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European Cities That Experienced The Boom Are No Better

News Posted On: 07 March 2014

Irelandproperty news

From demolished estates in Dublin to the unused Ciudad Real airport, European boom cities have much to recover from. What's more is that these cities have debts lurking in the backdrop too, from an array of bad deals.

Although Spain and Ireland have managed to break-free from the European Union's lending, the vacant properties that are the remains of the previous real-estate boom, continue to spell trouble in most European cities.

Spain and Ireland clear off European Union debts

Dublin won a lot of praise, before the 2008 crisis hit countries worldwide. Despite the fact that its tech boom subdued a little, its real-estate market was still soaring high, as house prices continued to shoot up and people continued to splurge.

This, however, wasn't long lasting, as the Dublin property market could not hold up for long and came crashing down. One of the largest banks in the country went bankrupt when faced with the European financial crisis, and as the property market headed on a downward spiral, the housing prices lost nearly 50 percent, in just a year.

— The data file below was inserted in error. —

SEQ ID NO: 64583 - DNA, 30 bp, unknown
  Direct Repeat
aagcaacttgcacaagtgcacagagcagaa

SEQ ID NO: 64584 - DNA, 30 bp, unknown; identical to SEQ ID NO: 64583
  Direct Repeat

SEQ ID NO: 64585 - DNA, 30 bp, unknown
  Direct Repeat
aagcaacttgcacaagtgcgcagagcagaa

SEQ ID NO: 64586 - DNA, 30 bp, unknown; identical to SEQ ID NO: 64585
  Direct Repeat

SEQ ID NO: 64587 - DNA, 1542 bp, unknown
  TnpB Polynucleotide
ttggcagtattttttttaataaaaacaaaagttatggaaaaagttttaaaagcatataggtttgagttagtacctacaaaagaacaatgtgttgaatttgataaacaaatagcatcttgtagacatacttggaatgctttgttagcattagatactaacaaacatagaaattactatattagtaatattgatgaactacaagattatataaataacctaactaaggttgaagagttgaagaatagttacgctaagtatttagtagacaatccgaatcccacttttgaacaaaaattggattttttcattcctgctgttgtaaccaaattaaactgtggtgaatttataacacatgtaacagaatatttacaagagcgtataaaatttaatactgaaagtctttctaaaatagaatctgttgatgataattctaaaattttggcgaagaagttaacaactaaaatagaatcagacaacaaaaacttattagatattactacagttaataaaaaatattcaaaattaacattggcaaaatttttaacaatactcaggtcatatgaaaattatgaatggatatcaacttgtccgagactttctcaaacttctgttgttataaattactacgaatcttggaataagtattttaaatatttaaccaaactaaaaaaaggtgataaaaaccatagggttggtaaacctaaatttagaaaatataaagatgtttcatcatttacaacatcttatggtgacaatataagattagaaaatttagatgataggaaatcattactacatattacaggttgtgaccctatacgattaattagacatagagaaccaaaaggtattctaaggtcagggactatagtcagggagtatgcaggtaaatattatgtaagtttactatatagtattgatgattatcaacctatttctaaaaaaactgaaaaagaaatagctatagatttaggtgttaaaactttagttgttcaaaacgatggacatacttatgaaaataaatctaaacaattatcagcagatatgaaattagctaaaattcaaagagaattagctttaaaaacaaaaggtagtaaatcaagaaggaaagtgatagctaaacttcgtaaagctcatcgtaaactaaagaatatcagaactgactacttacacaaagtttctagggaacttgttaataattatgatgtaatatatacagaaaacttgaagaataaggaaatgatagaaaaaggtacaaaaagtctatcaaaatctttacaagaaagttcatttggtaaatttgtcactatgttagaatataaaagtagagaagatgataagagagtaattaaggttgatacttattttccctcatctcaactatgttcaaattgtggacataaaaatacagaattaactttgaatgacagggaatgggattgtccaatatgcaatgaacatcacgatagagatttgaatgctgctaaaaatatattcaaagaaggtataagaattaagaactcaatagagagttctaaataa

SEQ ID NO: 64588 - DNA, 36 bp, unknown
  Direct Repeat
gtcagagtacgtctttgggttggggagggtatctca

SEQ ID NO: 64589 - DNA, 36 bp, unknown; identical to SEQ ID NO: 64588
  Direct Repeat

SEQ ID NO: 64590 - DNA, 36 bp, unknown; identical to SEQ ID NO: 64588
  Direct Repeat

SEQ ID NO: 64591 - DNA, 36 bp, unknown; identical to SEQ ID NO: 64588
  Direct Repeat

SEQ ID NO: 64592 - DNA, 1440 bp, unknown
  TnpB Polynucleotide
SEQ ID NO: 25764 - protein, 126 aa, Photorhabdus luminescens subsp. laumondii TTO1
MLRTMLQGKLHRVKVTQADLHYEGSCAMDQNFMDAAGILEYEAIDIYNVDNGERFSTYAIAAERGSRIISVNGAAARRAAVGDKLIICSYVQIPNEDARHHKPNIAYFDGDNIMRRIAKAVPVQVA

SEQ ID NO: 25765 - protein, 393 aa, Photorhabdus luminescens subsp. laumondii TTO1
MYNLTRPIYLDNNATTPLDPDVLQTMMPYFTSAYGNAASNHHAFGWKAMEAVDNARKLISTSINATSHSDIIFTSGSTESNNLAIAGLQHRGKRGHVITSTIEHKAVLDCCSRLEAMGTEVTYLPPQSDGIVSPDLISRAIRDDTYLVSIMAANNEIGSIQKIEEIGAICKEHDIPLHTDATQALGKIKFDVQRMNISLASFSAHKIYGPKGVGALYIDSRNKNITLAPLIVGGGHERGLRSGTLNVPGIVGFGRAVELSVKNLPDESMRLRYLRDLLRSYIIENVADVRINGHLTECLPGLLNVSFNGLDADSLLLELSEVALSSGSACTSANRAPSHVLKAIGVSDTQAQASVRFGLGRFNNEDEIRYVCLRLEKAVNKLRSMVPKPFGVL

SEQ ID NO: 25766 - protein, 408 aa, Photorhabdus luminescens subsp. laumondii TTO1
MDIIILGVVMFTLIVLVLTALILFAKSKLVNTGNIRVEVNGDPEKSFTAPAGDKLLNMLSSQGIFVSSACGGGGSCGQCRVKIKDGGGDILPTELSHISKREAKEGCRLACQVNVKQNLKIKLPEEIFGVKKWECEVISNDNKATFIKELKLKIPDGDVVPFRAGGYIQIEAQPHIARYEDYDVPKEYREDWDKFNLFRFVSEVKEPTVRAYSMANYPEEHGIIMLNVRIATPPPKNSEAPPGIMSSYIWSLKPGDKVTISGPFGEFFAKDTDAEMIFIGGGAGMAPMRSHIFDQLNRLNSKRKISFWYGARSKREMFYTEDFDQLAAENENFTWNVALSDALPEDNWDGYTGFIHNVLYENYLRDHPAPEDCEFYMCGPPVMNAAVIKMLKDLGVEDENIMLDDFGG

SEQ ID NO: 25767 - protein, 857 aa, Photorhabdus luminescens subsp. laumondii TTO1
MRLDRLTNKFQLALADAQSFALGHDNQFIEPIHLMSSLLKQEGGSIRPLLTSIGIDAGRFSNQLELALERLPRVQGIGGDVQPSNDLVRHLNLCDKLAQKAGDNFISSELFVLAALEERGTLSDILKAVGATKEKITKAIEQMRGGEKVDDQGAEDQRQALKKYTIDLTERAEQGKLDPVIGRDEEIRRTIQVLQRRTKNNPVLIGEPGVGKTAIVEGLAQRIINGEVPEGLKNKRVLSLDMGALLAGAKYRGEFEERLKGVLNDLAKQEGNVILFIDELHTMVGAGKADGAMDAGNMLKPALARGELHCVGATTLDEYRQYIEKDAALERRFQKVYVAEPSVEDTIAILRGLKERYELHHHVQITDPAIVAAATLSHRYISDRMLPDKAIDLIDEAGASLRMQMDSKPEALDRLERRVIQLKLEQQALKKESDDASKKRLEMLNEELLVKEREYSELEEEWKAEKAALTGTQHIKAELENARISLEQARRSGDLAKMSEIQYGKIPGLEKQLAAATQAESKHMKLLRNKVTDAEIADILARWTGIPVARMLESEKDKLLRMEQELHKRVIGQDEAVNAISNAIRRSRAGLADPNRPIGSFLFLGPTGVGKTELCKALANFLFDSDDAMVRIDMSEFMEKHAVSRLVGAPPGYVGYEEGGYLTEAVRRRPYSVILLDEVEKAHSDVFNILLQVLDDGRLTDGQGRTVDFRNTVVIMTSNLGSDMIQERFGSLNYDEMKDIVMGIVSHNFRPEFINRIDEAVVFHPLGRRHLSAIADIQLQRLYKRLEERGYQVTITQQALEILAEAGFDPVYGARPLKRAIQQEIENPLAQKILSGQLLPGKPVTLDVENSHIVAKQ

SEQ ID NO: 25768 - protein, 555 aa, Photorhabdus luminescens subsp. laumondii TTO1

The parliament (the Dail), was quick to act, making changes, so it quickly bounced back to become one of the first countries to repay its loans to the European Union. Spain, despite being held down by its broken down real-estate market and bad banks, is all set to follow in the footsteps of Ireland.

A genuine recovery or just a facade?

The recovery has been met with much skepticism from the outside, as some think it is just a theoretical improvement. Dublin's new homes in the suburbs are being destroyed so as to keep the property values of the surrounding homes in the league.

And this isn't the case with just the economically backward bunches, as even the well-to-do ones are often caught up in their mortgages. Valencia, in Spain once boasted of its opulent urbanist home models, with architects such as Santiago Calatrava turning the riverbed that had dried out into a cultural corridor, backed by lavish public funds.

The city saw its coastal areas rev up with second homes and hotels, when the real-estate market erupted. But the same cannot be said about the current scenario in Valencia. The construction industry has dried up, and knowing how important a part it was of Valencia's economy, the unemployment rates have gone up too, to about 26 percent.

Portugal, Bulgaria, Cyprus and Greece have cities that have met with a similar fate too, with vacant spaces that were built when the real-estate market was on full throttle.

A few Europeans think that the Brussles technocrats are to be blamed, for not keeping a close watch on the credit, along with over-stating the importance of real-estate in cracking the economic plan for the not so well-to-do sections.

Others say that, just as it was with the US, the under-regulated, reckless banking sector shares a fair part of the blame too, as they financed projects without addressing the risk boundaries.

Written by Les Calvert of

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